Tax Stories October 10
Tax Stories September 26
Tax Stories September 12
While Ireland may not want the €13B ($15B) the EU says Apple owes in underpaid tax, it seems other European countries do. Germany’s DW reports from a summit of European finance ministers that at least four countries have ‘expressed an interest’ in claiming their share.
Dutch Finance Minister Jeroen Dijsselbloem appeared to be first in line, warning Apple on Saturday to “get ready” to pay up. His comment came after a two-day meeting of his EU counterparts in the Slovak capital, Bratislava […]
Other EU countries, including Austria, Italy and France, are following the case closely, and expressing interest in a possible payout, according to Austria’s Finance Minister Hans Joerg Schelling, who spoke on the sidelines of the two-day summit.
There is already precedent for such claims …
Tax Stories September 5
There’s no sign of let-up in the war of words over the European Commission’s demand that Apple should pay an extra €13B ($15B) in taxes on its European sales. After Tim Cook last week described the tax ruling as ‘political crap,’ the EC has hit back with some strong words of its own.
The WSJ quotes Eurofinance head Jeroen Dijsselbloem stating that Apple had failed to understand the public mood in Europe …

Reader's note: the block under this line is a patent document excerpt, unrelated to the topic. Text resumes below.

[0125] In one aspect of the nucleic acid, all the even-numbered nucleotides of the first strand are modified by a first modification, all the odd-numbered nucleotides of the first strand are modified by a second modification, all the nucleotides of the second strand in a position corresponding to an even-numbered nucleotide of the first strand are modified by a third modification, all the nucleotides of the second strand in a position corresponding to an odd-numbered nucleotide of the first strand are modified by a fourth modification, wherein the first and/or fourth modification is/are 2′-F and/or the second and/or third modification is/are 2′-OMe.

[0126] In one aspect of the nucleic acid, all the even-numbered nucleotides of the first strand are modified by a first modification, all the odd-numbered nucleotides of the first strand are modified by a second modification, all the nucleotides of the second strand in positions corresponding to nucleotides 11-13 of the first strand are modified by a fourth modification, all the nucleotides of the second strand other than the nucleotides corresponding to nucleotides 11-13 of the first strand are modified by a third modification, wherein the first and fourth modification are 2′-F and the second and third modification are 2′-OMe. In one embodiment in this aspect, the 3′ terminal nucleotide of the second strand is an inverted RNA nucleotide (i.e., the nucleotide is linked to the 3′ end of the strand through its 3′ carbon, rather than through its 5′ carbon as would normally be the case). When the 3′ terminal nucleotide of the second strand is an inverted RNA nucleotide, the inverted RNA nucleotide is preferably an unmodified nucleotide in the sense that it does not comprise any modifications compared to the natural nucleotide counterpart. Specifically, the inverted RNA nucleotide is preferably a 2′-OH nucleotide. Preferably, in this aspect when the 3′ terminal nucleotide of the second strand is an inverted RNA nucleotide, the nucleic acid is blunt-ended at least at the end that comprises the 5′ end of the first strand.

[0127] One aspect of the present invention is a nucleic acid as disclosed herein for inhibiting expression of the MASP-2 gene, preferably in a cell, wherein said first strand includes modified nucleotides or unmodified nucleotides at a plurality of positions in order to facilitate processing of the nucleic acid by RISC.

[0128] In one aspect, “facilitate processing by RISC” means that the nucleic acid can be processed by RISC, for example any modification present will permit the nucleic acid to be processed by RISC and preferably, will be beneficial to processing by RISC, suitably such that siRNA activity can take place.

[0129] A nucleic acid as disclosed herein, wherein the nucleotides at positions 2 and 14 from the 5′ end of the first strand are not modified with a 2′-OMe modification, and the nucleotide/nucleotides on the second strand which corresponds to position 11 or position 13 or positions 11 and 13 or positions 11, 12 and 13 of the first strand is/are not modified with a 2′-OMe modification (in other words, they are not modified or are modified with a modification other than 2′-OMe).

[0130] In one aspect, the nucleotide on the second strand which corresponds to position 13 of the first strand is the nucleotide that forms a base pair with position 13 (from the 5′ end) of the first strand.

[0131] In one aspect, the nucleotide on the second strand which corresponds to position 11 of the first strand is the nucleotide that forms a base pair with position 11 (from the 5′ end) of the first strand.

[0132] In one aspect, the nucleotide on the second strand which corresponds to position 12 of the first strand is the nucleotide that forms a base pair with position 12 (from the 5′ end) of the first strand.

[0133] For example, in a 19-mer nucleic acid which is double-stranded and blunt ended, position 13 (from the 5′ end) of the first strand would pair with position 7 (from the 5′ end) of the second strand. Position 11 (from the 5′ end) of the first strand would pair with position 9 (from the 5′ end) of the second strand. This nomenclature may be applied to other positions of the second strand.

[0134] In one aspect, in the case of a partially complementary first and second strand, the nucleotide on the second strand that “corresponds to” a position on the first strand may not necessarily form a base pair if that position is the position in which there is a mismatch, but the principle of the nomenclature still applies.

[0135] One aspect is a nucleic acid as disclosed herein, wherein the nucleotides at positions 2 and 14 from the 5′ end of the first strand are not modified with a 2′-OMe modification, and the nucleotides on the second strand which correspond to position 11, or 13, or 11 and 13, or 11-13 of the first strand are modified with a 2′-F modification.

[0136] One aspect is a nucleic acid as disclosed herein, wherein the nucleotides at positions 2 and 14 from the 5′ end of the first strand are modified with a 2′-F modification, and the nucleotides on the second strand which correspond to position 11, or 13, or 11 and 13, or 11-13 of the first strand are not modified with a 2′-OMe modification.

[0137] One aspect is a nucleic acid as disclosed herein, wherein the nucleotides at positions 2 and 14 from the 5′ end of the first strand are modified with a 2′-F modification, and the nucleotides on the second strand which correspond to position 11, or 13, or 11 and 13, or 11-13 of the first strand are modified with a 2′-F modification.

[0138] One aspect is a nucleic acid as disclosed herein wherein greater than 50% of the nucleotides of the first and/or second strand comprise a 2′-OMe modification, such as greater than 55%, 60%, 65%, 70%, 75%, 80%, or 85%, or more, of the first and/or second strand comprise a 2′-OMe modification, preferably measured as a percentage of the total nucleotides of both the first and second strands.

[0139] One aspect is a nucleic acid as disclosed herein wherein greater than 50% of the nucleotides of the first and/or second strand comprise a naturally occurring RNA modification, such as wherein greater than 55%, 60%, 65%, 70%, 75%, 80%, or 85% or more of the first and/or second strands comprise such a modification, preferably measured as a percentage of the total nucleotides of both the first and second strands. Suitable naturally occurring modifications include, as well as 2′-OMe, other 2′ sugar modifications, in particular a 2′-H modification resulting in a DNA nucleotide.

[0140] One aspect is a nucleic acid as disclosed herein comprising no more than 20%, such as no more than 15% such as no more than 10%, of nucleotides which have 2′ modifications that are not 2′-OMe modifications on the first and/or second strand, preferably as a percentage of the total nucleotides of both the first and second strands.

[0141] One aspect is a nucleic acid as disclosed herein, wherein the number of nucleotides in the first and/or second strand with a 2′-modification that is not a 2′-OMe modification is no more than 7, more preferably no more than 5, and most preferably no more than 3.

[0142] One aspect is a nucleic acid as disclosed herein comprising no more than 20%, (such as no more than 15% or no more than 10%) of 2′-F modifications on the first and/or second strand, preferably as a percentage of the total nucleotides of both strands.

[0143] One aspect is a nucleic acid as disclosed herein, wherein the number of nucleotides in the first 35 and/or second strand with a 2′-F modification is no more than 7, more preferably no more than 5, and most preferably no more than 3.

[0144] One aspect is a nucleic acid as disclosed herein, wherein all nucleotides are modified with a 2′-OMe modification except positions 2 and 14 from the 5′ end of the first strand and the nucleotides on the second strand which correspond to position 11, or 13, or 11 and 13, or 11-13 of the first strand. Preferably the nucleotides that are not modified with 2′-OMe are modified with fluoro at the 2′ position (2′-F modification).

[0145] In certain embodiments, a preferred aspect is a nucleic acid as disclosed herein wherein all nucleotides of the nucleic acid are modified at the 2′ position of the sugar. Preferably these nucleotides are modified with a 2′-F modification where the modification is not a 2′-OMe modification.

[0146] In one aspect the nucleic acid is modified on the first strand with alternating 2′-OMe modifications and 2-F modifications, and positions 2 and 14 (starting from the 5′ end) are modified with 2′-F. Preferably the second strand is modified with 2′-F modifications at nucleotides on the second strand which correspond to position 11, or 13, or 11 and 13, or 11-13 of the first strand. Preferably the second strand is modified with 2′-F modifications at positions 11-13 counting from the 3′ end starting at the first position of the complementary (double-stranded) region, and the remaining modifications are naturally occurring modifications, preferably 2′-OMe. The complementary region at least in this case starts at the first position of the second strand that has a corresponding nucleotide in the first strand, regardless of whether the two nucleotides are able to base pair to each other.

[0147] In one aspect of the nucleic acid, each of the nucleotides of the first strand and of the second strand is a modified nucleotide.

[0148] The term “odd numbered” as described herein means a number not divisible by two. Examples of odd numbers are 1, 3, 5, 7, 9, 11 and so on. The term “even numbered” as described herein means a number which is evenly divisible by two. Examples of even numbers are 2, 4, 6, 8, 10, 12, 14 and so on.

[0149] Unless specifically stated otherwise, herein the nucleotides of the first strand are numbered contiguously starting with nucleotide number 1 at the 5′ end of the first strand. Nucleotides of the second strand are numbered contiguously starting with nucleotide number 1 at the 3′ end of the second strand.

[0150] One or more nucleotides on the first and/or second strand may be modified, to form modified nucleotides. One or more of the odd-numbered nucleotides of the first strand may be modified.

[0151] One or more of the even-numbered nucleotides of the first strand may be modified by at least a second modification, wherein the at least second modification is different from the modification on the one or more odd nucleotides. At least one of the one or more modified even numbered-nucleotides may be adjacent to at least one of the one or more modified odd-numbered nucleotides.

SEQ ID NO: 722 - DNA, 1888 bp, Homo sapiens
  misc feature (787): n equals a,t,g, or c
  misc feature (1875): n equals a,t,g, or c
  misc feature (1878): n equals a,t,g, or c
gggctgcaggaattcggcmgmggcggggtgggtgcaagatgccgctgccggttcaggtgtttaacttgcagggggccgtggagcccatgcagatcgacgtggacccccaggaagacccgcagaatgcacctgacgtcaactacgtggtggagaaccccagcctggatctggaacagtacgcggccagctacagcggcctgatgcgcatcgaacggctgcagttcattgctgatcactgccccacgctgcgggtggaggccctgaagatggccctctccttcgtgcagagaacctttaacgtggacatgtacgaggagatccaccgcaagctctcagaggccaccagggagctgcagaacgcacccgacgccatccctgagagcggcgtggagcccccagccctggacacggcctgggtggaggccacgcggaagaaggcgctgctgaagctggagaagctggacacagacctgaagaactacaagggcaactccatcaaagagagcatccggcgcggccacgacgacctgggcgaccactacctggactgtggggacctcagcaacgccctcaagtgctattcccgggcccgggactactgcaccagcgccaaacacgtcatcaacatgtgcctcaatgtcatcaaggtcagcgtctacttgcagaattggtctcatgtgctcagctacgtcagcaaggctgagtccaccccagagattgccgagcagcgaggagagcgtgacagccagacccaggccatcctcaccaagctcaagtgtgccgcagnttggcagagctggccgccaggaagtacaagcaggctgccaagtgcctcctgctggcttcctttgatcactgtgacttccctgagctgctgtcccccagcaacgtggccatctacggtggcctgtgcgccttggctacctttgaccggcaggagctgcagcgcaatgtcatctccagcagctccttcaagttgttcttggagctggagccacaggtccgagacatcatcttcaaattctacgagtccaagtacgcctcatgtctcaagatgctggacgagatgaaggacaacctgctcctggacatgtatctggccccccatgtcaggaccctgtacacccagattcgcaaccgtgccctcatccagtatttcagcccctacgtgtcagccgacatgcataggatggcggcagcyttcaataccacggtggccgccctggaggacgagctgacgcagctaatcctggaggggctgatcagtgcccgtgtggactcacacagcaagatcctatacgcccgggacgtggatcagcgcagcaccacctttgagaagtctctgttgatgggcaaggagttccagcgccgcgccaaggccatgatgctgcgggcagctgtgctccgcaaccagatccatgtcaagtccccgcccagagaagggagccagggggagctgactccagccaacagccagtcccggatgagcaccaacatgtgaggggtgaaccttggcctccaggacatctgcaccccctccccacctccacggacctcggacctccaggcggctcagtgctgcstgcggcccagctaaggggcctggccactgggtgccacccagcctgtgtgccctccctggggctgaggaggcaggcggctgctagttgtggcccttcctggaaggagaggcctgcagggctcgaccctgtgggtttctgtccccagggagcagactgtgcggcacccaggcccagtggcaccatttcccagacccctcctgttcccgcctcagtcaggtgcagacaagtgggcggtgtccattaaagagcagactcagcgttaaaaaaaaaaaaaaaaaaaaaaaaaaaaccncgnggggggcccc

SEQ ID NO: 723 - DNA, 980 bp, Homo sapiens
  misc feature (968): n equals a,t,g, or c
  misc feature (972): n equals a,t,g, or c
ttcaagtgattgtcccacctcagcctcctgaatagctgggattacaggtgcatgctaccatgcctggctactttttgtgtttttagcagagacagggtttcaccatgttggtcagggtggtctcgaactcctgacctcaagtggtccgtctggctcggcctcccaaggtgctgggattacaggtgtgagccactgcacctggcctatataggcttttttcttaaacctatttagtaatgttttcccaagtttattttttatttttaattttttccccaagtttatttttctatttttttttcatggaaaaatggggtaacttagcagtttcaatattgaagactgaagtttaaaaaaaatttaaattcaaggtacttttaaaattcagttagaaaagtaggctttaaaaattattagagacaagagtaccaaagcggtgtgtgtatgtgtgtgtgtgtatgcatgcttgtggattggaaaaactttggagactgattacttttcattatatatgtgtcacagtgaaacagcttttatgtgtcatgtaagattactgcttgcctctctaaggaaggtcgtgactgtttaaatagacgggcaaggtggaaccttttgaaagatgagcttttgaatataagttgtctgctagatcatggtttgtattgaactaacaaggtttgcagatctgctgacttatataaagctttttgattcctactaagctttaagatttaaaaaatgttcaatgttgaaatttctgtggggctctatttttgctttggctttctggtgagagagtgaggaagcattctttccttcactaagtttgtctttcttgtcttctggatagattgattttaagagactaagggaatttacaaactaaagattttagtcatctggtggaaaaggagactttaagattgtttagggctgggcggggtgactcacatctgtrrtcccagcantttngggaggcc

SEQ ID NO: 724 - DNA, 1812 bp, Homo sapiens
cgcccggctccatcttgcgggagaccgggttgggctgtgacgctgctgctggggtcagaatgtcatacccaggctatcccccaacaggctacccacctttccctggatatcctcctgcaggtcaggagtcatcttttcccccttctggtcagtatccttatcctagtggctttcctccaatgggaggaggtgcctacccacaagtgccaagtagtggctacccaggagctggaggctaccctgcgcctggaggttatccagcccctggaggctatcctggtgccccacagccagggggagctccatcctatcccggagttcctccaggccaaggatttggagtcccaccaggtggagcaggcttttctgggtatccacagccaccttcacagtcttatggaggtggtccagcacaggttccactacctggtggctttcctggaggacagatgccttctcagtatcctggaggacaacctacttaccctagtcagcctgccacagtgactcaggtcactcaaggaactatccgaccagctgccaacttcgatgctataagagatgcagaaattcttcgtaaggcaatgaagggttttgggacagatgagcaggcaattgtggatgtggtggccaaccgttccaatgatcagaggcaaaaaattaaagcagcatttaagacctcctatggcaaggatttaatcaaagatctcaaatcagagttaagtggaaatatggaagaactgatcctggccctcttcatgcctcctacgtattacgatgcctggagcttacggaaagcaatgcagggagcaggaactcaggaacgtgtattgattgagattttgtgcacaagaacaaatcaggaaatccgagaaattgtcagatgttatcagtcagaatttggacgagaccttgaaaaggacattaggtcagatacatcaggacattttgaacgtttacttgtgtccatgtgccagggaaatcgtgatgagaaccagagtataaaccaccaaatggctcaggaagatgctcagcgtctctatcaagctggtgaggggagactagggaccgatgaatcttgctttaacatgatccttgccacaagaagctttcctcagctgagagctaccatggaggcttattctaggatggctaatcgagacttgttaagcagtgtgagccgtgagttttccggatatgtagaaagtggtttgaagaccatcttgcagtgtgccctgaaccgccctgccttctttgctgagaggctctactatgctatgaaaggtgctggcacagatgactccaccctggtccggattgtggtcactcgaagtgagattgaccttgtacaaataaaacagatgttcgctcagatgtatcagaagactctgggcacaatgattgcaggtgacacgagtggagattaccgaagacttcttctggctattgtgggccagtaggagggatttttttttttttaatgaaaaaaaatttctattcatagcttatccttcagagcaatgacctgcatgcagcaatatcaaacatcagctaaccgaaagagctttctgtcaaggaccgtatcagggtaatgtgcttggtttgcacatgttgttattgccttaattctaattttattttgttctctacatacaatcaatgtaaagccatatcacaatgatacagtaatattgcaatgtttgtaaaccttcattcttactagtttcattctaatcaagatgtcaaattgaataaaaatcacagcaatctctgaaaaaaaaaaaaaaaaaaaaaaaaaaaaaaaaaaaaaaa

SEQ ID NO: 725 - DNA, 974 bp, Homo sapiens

Tax Stories September 1
Earlier in the week, Apple was hit by a European Commission ruling to the tune of 13 billion euros in back taxes to Ireland. Apple immediately refuted any wrongdoing and has already said the Irish government will appeal. Apple CEO Tim Cook has continued this tirade today in the Irish press, with a newspaper column in the Independent and a rare radio interview (with RTE’s Paschal Sheehy).
Cook does not hold back on his language. He says the 0.005% effective tax rate bandied about by the Commission is false and “total political crap”. He says Apple actually paid $400 million to Ireland in the same year and believes it was the largest taxpayer in the country that year.
Tax Stories August 31
After it was revealed that Apple paid an effective tax rate on its European profits of just 0.005% in 2014, a local tax and advisory firm has said that while other multinational companies had similar arrangements with Ireland, Apple’s deal was ‘the most brazen.’ The comment was made by Aisling Donohue, a partner at tax and business advisory firm MGPartners, reports Bloomberg.
The European Commission yesterday ordered the Irish government to recover €13B ($15B) in taxation from Apple after it was ruled to have offered the company illegal tax breaks. Apple is appealing the ruling.
Netflix says that it believes that the type of tax avoidance measures employed by Apple and other U.S. tech companies are ‘unsustainable’ …